4| Be Flexible
Emergency medicine recruiters are looking for flexible candidates who are open to other opportunities, especially when the market is tight. We often say the best way to get your foot in the door is to go where you are needed, even if it’s not the hospital or schedule you initially desired. A willingness to fill open shifts can make a big impact on the practice in the long run. If you are not looking for a nocturnist position but are open to one to get your foot in the door, make sure to mention this to the recruiter. Also, if you are willing to work part-time at multiple locations within a system until a full-time position opens at your desired location, let the recruiter know. The local team and recruiter will be more open to offering a full-time spot to a candidate they are confident will be flexible when schedules are tight.
5| Make Connections
Connections do not only refer to who you know in the job interview process, but how you can connect with the role, team, patients and community. Leadership teams are looking for someone who can connect at every level of the practice and beyond the hospital doors.
Inside the anesthesia department, the ability to understand and appreciate the racial, ethnic, socioeconomic, religious or other differences which can affect a patient’s healthcare experience and outcomes is extremely important. The more you connect to your patients, the more you will gain their trust and they will usually be more likely to accept and follow treatment plans.
During the interview process, make connections to your cultural competency and share previous patient satisfaction scores you received. Also, share your approach to connecting with the patient and what you feel is the most important part. If you made major improvements or helped turn around your previous department, explain how and what you did to help your team connect to the patients.
Beyond the clinical aspect, leadership teams and hospital administrators love to see someone dedicated to and knowledgeable of the local community. Think about ways you can contribute to the community outside of the hospital and share any prior volunteer experiences. Candidates who want to make a difference inside of the hospital and outside in the community are often top picks for leadership.
6| Don’t Focus on the Number
This goes two ways – monetarily and applications. It’s easy to get overwhelmed by the lack of jobs available. Do not focus on the number of applications you are submitting compared to the number of offers coming in. This is a hard time for everyone searching, and even for those trying to fill the few open opportunities out there. When you are starting to feel down about the job hunt, ask yourself, “what is my motivation?” If you find money is your biggest motivation, refocusing on other priorities may be a good idea.
Compensation is important, and you should be paid well, but do not let that be the deciding factor in applying to a location or speaking with a recruiter if it checks all other boxes. Look at the bigger picture, the team you will be working with and your personal goals. If you can see yourself in this position long term, dollar signs shouldn’t be the only thing on your mind.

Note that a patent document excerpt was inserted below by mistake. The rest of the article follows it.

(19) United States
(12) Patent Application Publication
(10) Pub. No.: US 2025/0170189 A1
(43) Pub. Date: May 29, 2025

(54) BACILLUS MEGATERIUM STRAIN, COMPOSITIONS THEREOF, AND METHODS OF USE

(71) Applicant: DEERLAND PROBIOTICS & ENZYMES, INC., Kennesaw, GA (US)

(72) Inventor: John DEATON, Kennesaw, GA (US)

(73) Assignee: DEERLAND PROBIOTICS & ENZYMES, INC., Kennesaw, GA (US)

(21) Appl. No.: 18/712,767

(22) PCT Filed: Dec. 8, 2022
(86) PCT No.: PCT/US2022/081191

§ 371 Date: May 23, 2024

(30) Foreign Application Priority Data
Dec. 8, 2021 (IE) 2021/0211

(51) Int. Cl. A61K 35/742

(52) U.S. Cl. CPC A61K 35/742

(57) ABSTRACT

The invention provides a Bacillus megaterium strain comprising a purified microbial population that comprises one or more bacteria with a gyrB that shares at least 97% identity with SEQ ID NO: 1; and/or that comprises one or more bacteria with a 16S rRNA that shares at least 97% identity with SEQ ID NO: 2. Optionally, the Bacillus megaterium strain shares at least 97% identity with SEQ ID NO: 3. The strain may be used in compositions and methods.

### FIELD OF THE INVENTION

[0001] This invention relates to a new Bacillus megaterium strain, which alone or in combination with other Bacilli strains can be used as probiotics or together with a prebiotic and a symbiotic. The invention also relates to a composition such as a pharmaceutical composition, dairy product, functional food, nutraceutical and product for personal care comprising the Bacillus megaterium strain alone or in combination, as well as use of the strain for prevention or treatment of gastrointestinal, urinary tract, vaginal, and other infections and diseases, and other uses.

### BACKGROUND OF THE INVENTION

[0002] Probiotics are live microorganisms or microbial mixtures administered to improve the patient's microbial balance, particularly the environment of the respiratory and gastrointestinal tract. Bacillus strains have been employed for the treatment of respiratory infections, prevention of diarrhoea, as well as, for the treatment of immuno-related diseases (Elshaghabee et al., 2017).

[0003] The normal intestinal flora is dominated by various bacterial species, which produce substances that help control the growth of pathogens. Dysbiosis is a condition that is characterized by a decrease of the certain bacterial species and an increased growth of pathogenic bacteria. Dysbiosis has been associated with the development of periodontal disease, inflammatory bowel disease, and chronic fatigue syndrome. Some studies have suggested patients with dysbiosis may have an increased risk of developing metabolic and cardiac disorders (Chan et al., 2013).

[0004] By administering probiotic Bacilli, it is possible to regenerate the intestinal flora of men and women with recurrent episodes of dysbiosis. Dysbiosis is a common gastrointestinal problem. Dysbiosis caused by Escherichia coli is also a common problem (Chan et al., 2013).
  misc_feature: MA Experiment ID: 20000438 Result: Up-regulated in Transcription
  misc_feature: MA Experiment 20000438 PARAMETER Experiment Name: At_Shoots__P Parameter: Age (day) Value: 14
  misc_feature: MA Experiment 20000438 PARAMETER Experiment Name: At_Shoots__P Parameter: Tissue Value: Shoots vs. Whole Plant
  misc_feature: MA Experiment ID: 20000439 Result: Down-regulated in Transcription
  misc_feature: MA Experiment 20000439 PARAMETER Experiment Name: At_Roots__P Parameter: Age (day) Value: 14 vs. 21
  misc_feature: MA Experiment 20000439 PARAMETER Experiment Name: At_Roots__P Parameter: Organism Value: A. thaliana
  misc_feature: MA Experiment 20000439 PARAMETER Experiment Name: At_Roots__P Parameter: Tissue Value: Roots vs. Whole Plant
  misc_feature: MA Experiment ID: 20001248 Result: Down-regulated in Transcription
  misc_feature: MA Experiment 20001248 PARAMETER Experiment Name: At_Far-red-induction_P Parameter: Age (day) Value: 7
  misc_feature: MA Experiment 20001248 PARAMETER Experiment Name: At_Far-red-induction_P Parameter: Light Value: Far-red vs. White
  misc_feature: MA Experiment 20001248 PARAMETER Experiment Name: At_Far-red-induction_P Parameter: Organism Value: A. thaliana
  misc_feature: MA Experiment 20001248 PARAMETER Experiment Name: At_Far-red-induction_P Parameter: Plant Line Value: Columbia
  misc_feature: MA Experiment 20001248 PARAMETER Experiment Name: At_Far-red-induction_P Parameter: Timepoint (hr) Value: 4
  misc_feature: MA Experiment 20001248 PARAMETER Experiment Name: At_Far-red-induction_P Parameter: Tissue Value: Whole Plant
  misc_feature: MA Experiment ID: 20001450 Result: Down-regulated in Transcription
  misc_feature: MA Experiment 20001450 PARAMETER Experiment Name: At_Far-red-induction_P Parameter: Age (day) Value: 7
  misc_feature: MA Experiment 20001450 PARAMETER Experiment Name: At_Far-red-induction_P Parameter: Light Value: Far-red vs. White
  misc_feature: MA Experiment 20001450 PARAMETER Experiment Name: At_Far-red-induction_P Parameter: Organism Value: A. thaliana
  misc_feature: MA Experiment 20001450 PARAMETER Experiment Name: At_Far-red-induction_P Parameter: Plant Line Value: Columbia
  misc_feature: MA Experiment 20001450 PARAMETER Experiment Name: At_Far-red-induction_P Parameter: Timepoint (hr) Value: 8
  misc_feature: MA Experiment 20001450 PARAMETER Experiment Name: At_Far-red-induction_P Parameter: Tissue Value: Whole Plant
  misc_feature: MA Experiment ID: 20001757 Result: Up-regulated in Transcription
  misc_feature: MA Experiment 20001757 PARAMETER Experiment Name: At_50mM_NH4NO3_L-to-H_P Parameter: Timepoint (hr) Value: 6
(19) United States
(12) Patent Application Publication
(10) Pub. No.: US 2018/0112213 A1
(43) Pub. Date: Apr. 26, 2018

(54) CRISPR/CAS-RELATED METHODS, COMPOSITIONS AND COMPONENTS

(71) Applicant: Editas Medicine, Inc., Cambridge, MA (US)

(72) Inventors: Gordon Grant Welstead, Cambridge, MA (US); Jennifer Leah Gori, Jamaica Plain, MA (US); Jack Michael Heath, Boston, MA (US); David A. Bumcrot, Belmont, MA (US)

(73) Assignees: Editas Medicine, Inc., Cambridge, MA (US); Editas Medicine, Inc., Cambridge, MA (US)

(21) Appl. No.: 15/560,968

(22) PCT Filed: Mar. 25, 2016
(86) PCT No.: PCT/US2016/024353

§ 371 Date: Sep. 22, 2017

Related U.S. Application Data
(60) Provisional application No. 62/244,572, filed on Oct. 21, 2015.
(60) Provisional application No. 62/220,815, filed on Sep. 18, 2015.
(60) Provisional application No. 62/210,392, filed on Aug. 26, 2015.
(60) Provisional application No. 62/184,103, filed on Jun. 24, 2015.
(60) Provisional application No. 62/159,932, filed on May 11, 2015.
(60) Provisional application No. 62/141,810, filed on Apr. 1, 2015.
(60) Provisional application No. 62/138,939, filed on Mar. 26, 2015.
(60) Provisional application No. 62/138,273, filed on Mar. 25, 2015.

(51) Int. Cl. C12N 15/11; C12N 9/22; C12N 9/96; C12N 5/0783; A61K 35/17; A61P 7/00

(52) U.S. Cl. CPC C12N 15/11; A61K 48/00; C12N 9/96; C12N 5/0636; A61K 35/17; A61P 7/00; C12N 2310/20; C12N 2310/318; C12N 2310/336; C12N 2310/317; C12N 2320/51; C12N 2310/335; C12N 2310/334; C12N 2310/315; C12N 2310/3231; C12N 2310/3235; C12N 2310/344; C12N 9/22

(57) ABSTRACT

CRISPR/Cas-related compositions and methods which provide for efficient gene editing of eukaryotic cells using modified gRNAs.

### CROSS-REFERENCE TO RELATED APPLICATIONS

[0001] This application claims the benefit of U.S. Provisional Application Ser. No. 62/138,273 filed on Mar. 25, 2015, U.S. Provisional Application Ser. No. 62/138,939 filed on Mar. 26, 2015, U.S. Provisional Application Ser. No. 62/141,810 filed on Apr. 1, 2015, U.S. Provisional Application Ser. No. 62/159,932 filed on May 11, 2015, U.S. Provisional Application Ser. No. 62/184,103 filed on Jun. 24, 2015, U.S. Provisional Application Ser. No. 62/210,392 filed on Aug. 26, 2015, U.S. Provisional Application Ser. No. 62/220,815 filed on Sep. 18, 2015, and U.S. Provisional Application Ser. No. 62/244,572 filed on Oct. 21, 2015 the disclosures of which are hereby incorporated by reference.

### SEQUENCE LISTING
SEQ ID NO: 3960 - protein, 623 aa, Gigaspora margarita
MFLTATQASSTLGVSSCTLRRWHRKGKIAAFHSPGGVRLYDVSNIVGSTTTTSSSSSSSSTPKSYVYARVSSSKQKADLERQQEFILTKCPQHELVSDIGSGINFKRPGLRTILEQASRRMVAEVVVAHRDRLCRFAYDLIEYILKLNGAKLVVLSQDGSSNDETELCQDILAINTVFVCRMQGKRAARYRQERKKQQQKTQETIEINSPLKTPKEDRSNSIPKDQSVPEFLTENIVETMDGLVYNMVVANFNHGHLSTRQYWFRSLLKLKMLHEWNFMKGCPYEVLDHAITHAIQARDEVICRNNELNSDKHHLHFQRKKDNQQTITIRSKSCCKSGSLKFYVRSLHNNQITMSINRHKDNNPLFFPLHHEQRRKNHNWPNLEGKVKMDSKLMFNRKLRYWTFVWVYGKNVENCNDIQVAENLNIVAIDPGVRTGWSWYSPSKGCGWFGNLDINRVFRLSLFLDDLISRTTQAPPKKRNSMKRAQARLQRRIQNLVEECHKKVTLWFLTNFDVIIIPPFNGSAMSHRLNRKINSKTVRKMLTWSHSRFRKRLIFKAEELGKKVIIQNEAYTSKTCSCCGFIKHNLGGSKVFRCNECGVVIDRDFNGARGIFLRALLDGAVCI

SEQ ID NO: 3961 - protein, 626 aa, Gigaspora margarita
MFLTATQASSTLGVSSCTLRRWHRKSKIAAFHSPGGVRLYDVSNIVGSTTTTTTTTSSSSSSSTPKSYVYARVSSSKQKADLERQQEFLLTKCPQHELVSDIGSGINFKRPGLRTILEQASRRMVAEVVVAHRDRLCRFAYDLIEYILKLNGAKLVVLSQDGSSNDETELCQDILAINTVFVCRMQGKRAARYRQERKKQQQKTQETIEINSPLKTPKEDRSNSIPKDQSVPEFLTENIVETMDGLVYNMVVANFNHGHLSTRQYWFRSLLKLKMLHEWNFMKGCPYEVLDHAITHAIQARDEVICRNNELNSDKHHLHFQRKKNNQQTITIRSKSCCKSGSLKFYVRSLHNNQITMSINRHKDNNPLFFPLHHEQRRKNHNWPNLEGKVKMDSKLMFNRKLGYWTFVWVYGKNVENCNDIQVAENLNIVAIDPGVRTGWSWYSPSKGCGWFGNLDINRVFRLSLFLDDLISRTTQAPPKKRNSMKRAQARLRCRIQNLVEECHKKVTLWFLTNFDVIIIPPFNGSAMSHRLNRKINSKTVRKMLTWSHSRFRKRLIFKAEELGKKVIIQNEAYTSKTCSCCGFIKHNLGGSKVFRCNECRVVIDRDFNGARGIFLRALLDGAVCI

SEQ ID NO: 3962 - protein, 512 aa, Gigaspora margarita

Remember, big sign-on bonuses often come at a price, so pay close attention when you see these advertised. Do not let the dollar signs blind you from getting to know more about the practice and the offer.
7| Focus on the Present
Ask yourself, “what can I focus on right now?” In between applying for jobs, do not forget to focus on the present. Your current job does not stop because you are looking for a new one. Make sure you are being the best physician and teammate you can be. Think about what you can do now to better yourself, your practice and gain experience to differentiate yourself from other candidates. Pick one or two of these things and dedicate quality time to them every single day. Whether it’s on a hospital-based committee or in your personal practice, remaining present is imperative.
How you set yourself apart will make the biggest impact in the interview process. At the end of the day, the hiring team wants to feel confident you are the very best candidate in the running. Although it can be frustrating, do not give up. You spent countless hours getting into this field and the right job will come. Remember to build relationships with recruiters, make connections to the hospital, community and patients, be flexible in your schedule and expectations, have a good attitude and focus on being the best physician and teammate you can be.
With more than 30 years of experience in emergency medicine, hospital medicine, anesthesia and radiology, ApolloMD has grown into one of the most successful firms in the clinical outsourcing services industry, treating millions of patients each year in hospitals and health systems across the country.